The starting point for all communication is becoming aware of the intended audience and approaching
them on an appropriate level. So many times, people get themselves into difficult situations because t
hey did not consider the audience’s reaction to the message. Anyone could make a list of controversie
s that started as the result of an insensitive remark or one that was not well thought out. In addition to
considering what the message says, as a writer (and speaker) you need to consider how the ideas are e
To ensure successful written communication, first think about the people who will read it. By putting
yourself in their shoes, you will gain insight into what they want to know and how they want to be add
ressed. The Temple of Apollo at Delphi in Greece has an inscription that cautions each person to “kno
w yourself.” Improving communications encourages people to know thy audience.
Salespeople are no strangers to the concept of “put yourself in the buyer’s position.” It means that the
seller (in this case, you as writer) will consider what features and benefits to present to the person on t
he receiving end. Word choice and message length (think: brevity) will show your recipient how muc
h thought and care you put into crafting your message.
Audiences are composed of people, all of whom have different perceptions. These questions will yield
a variety of answers, simply because perceptions differ:
What is a lot of money?
What is tall?
What is hot?
It’s a fun exercise to ask these questions in a diverse group. Notice how responses differ, based on peo
ple’s life experiences, income levels, educational backgrounds — anyone could increase this list. In fa
ct, try asking a group to define the word “hit.” You’ll get answers that range from “a Top 40 single” t
o “another card at the blackjack table” and many others. The point is that by showing the audience tha
t you thought about these factors before approaching them, you’re demonstrating that you care about t
hem. What could be a better compliment?
To avoid having messages misperceived, misconstrued or misunderstood, choose language that will b
e understood by most (preferably all) of your recipients. Think of the individuals who comprise your a
udience before you communicate with them. Ask yourself:
Who is the audience?
Why am I writing/presenting? What do I want my audience to know or do?
What do they already know? What is their level of understanding?
What is their likely attitude about the topic?
How can I honor my audience’s needs and perspectives?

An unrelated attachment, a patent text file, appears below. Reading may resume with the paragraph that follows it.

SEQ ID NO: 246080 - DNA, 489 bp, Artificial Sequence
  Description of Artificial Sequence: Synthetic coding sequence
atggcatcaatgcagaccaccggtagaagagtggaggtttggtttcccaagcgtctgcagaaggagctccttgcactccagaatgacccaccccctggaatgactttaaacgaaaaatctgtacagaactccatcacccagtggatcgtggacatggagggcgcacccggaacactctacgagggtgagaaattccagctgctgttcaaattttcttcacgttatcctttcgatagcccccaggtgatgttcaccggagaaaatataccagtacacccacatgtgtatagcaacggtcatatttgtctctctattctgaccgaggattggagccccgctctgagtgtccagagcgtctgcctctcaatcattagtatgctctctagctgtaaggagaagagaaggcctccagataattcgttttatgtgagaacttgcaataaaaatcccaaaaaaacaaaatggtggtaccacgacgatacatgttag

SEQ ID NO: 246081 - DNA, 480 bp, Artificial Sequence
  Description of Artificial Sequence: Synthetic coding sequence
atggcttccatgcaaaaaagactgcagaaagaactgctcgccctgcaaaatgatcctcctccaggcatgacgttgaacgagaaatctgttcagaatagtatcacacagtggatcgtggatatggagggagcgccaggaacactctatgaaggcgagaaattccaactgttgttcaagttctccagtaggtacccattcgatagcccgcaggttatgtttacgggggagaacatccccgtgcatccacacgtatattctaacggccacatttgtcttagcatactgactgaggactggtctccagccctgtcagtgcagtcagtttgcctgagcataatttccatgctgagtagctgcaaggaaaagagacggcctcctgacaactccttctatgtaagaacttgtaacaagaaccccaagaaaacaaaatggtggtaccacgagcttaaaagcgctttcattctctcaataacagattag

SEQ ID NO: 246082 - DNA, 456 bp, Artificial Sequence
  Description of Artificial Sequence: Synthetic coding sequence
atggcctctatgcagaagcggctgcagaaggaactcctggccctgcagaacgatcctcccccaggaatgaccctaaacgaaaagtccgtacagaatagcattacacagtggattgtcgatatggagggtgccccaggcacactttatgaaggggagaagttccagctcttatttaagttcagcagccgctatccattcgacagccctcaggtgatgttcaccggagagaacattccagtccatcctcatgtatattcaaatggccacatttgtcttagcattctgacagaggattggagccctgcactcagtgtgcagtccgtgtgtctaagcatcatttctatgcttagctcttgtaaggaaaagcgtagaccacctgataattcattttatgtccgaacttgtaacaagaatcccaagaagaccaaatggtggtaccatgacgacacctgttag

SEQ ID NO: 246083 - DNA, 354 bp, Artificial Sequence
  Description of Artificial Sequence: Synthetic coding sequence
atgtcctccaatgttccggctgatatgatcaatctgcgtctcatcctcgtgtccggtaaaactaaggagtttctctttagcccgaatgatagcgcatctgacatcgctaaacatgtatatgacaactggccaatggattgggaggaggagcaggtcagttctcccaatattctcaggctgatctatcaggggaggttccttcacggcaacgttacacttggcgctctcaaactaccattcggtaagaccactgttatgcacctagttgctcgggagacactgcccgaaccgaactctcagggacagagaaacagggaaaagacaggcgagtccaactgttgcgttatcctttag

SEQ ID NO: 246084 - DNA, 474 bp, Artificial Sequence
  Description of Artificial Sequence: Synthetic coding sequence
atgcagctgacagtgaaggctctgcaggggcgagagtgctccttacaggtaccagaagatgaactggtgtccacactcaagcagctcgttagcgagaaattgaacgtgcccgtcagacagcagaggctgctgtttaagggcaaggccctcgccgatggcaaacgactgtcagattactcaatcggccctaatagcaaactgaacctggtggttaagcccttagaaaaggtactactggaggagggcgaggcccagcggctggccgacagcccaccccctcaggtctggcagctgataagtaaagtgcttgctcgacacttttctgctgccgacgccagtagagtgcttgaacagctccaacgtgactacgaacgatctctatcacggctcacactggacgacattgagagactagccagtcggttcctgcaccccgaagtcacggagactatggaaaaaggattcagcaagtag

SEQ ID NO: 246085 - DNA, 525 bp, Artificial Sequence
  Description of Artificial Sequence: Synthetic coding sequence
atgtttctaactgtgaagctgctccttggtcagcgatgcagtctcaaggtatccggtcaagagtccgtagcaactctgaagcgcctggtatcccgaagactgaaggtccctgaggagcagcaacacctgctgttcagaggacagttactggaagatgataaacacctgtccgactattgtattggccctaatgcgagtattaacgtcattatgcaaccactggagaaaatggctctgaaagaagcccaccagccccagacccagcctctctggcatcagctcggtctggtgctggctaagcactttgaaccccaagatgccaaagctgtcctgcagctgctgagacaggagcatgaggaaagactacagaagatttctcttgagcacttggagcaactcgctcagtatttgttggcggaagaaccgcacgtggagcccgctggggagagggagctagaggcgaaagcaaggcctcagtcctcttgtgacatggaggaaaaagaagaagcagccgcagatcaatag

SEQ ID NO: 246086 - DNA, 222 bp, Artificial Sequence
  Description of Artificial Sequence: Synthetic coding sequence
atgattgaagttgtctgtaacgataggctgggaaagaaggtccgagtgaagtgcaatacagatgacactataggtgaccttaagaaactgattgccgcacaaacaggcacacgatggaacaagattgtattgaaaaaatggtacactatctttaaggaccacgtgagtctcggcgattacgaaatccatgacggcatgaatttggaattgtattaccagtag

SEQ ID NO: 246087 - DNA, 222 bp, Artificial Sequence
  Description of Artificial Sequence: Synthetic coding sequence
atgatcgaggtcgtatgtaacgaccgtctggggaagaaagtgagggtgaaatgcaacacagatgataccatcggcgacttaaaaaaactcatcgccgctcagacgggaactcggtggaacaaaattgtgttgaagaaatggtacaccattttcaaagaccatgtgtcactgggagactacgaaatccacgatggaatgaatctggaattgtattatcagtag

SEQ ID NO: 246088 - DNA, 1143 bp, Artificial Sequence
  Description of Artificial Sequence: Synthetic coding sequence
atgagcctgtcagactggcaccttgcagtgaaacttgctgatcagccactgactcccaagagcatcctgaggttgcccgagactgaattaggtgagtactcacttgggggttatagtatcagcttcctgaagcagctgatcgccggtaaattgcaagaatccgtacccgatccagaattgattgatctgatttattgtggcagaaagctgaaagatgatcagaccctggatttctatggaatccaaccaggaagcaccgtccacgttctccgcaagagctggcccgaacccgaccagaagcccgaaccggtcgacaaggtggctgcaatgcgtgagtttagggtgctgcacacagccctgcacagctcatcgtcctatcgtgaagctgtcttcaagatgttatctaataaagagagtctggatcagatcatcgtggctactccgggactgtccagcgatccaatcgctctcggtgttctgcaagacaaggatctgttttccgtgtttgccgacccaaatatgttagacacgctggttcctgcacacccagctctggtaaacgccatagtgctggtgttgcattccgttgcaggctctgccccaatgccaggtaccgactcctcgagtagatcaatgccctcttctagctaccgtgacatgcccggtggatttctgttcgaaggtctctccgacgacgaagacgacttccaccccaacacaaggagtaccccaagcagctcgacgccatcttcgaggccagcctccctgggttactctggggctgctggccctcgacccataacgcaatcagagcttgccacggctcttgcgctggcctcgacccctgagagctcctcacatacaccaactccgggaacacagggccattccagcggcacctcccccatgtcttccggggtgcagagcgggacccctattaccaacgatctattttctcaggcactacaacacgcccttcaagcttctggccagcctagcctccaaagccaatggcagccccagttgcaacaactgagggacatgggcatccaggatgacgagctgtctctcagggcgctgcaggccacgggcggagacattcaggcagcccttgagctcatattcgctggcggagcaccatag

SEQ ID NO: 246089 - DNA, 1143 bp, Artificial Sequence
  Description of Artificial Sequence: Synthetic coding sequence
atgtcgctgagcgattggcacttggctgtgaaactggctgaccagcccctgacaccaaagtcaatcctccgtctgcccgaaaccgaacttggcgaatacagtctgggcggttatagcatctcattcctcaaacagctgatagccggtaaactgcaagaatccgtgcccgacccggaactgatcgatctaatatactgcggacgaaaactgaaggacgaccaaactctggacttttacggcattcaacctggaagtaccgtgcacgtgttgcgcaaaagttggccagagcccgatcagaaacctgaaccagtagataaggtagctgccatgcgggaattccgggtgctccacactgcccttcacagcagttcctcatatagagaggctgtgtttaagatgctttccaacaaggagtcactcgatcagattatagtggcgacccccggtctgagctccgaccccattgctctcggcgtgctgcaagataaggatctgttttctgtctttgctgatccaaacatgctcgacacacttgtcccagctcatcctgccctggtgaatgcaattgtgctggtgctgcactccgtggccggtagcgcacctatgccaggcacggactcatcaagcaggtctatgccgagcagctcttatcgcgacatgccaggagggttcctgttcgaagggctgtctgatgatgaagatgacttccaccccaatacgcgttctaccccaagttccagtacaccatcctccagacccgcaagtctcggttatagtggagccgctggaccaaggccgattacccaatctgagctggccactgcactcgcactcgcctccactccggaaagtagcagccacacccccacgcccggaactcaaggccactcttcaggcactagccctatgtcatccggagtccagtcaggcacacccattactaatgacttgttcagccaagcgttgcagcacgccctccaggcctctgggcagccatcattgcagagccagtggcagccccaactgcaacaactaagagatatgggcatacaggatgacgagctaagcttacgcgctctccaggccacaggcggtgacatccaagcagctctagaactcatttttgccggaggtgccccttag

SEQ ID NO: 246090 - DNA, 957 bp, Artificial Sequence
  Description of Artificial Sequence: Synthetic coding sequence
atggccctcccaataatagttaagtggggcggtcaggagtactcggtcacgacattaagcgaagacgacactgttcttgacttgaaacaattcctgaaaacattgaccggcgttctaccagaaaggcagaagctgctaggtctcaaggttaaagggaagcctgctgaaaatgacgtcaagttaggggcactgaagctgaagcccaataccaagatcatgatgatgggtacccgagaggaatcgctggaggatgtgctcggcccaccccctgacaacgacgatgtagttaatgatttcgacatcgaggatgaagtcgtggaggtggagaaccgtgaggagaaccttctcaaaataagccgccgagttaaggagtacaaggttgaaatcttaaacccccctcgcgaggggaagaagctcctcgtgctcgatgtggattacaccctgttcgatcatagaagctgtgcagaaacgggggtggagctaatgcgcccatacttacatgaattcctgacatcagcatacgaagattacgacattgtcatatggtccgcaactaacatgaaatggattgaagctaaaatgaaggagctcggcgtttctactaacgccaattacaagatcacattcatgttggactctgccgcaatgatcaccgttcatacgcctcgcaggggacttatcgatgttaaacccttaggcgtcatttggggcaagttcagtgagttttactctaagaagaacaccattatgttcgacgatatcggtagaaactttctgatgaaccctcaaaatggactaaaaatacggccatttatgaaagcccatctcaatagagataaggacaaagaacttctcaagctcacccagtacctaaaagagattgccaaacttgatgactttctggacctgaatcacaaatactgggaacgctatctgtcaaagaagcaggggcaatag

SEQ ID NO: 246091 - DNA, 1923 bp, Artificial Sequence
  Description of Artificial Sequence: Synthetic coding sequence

What does my audience want to achieve?
What medium will support the message the best — e-mail, letter, memo, report, proposal, etc.?
What format or layout will appeal to the audience and support the message?
Then, as the final step before beginning to write, organize your ideas. It’s a true sign of respect for yo
ur audience. Show that you are concerned for their time and attention. Plan to present the information
that will make the most sense to them. Your organizational pattern may take any form (chronological,
inside to outside, top to bottom, etc.). However you deliver the information, just make sure that someo
ne new to your subject area will “get it” without having to strain the brain to do so. With all this in pla
ce, you’re ready to put fingers to keyboard, or (how dated to say…) pen to paper. Approach the task w
ith a positive attitude, a clear purpose and straightforward organization, and you’ll be on the path to ac
hieving your goal.
You can't persuade your listeners if you don't know much about them. Knowing your listeners helps y
ou to shape your message in a way that's most likely to gain their acceptance. That's all the more impo
rtant when your goal is to persuade, and not simply to inform, your audience.
Persuasive speaking aims to convince people to take some form of action. To achieve that goal, you m
ust get your listeners to change their attitudes and beliefs. Or you must reinforce the attitudes and beli
efs they already hold.
That means you must have a thorough knowledge of your audience before you prepare your presentati
on. (For more information on audience analysis, see our article, You Talkin' To Me? )
What you should know.
Any number of factors can affect how your listeners will react. These can include their experience, ed
ucation, job or professional background, age, gender, ethnic background, cultural differences, and mor
Do your listeners share common interests? What's their relationship to one another? What recent expe
riences, if any, have they had that could affect their readiness to accept your argument?
What will your listeners expect from you? Do they have high expectations you may not be able to fulf
ill? Are their expectations realistic? Are you prepared in any case to address those expectations?
These are just some of the questions you should be thinking of as you prepare. Ask as many questions
as you think are relevant.
What do they already know?
You'll need to address your listeners at the level of their existing knowledge. So it's important to have